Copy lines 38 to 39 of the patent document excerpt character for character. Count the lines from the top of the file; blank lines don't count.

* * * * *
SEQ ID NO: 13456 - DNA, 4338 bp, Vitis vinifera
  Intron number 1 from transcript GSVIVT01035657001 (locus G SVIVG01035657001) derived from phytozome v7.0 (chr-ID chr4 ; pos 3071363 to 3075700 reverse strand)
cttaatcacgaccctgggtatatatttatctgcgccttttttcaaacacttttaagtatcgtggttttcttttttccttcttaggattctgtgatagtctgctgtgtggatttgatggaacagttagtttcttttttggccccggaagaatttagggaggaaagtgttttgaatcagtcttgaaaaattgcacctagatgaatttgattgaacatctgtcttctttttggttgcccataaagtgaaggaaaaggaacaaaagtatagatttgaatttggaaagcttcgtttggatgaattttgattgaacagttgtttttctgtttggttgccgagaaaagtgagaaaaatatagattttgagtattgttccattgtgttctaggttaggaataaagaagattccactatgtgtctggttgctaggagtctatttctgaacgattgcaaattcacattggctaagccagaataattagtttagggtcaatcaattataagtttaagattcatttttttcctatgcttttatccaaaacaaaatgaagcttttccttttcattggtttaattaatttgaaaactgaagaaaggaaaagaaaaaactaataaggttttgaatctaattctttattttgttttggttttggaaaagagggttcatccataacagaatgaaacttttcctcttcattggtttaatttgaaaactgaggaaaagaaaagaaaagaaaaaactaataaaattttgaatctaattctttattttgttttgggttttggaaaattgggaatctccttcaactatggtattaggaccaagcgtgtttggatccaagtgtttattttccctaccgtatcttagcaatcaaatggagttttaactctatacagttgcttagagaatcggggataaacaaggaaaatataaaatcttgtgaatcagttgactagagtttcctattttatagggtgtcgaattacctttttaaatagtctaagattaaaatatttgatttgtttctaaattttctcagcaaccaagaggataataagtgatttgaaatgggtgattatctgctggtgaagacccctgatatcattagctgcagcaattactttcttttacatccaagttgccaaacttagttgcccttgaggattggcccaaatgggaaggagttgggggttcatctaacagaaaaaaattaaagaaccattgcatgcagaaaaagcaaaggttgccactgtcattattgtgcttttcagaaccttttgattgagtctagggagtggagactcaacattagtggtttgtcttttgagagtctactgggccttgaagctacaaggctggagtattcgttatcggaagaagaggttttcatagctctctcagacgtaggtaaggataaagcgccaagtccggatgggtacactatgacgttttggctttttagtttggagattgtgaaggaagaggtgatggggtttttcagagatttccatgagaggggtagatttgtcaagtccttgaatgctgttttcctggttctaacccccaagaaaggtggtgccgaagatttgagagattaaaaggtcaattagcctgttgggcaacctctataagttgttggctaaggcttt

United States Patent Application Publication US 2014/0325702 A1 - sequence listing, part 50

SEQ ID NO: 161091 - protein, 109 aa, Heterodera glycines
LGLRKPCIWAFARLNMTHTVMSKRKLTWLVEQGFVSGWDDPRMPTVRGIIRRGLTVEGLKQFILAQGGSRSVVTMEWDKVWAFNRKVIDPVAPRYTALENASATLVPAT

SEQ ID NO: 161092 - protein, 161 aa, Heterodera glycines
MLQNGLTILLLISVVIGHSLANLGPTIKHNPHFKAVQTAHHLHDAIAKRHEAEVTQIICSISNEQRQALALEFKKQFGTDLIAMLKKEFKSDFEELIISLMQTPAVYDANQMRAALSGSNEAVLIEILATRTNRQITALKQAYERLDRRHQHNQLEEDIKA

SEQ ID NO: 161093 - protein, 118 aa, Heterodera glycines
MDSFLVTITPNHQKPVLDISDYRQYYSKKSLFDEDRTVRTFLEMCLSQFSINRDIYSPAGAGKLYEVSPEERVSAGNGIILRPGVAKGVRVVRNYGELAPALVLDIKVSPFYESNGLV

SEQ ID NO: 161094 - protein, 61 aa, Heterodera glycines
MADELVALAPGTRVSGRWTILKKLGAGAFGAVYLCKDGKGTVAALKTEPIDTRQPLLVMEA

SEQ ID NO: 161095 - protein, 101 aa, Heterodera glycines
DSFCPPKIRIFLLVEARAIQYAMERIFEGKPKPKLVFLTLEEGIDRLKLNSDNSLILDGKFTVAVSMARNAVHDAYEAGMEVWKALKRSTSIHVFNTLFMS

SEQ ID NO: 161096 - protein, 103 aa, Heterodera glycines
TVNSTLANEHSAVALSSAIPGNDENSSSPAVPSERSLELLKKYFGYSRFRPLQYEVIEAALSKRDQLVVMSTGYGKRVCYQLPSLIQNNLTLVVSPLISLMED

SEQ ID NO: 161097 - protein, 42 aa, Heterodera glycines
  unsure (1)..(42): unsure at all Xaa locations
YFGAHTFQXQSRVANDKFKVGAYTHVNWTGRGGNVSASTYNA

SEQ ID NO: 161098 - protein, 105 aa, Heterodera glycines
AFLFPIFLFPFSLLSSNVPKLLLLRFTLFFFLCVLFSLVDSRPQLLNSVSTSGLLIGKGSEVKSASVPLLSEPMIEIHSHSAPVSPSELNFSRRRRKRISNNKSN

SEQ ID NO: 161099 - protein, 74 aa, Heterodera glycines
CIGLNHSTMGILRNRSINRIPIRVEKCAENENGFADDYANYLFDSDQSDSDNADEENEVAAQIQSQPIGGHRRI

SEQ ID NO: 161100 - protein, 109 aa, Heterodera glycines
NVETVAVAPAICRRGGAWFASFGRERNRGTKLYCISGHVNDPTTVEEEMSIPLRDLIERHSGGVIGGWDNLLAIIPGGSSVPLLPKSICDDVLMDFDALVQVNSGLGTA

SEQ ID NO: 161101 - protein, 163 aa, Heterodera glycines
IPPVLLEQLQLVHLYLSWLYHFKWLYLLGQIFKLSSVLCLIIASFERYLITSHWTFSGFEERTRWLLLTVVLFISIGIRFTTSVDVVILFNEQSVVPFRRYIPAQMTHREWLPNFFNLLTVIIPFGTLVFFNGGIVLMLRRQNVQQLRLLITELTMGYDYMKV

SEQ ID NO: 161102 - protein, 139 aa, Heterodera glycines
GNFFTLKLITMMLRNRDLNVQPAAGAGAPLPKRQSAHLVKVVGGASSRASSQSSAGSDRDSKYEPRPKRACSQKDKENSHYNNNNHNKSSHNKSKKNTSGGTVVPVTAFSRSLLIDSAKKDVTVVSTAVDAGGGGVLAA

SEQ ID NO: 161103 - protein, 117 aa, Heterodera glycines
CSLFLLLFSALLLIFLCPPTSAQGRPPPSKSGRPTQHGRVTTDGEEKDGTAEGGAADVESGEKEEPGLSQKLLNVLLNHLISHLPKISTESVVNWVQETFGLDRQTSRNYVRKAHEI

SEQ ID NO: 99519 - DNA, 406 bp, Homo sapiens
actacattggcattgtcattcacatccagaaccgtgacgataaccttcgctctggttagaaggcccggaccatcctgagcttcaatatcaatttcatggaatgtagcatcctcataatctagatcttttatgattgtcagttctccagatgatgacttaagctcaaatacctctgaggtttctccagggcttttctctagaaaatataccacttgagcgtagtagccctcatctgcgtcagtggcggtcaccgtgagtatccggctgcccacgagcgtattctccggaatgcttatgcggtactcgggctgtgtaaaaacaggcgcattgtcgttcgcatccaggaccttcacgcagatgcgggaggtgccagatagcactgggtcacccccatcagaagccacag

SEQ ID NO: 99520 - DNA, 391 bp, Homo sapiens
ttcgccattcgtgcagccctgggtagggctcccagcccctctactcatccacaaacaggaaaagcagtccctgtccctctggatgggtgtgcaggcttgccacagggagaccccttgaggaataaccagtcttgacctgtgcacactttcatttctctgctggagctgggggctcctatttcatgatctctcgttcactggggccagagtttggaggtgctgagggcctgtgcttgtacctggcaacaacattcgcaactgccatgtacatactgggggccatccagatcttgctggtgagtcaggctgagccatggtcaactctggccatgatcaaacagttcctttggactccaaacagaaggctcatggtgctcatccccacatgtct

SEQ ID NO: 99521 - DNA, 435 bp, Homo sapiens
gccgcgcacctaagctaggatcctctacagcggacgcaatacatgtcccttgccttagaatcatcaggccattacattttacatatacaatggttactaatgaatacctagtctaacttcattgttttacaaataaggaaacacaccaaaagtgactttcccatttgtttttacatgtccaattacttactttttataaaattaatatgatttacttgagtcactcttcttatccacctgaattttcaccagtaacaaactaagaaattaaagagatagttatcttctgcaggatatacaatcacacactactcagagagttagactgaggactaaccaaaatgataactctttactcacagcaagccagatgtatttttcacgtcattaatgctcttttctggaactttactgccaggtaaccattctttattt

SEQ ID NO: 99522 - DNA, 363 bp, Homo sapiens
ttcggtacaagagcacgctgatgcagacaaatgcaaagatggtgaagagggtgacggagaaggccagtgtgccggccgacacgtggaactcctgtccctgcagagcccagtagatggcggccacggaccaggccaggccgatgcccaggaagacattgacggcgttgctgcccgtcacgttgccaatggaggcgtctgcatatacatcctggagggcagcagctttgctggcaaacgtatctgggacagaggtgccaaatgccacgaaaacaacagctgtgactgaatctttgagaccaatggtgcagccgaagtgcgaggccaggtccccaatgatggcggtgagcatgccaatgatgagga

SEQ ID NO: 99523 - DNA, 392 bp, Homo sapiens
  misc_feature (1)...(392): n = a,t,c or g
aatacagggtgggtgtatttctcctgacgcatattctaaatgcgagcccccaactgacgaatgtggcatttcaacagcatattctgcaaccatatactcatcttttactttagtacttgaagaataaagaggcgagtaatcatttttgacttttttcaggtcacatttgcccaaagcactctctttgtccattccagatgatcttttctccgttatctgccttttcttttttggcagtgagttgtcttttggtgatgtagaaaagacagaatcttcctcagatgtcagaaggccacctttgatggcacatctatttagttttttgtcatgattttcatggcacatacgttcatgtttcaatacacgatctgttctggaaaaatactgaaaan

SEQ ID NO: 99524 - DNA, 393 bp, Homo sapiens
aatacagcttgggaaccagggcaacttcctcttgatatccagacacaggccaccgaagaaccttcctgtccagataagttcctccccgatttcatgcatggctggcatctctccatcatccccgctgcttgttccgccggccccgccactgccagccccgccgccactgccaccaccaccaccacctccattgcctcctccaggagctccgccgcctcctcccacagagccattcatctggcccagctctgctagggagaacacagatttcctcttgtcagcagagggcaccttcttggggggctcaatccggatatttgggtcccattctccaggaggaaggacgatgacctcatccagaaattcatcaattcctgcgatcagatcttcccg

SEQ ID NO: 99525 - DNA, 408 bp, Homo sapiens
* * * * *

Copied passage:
SEQ ID NO: 99522 - DNA, 363 bp, Homo sapiens
ttcggtacaagagcacgctgatgcagacaaatgcaaagatggtgaagagggtgacggagaaggccagtgtgccggccgacacgtggaactcctgtccctgcagagcccagtagatggcggccacggaccaggccaggccgatgcccaggaagacattgacggcgttgctgcccgtcacgttgccaatggaggcgtctgcatatacatcctggagggcagcagctttgctggcaaacgtatctgggacagaggtgccaaatgccacgaaaacaacagctgtgactgaatctttgagaccaatggtgcagccgaagtgcgaggccaggtccccaatgatggcggtgagcatgccaatgatgagga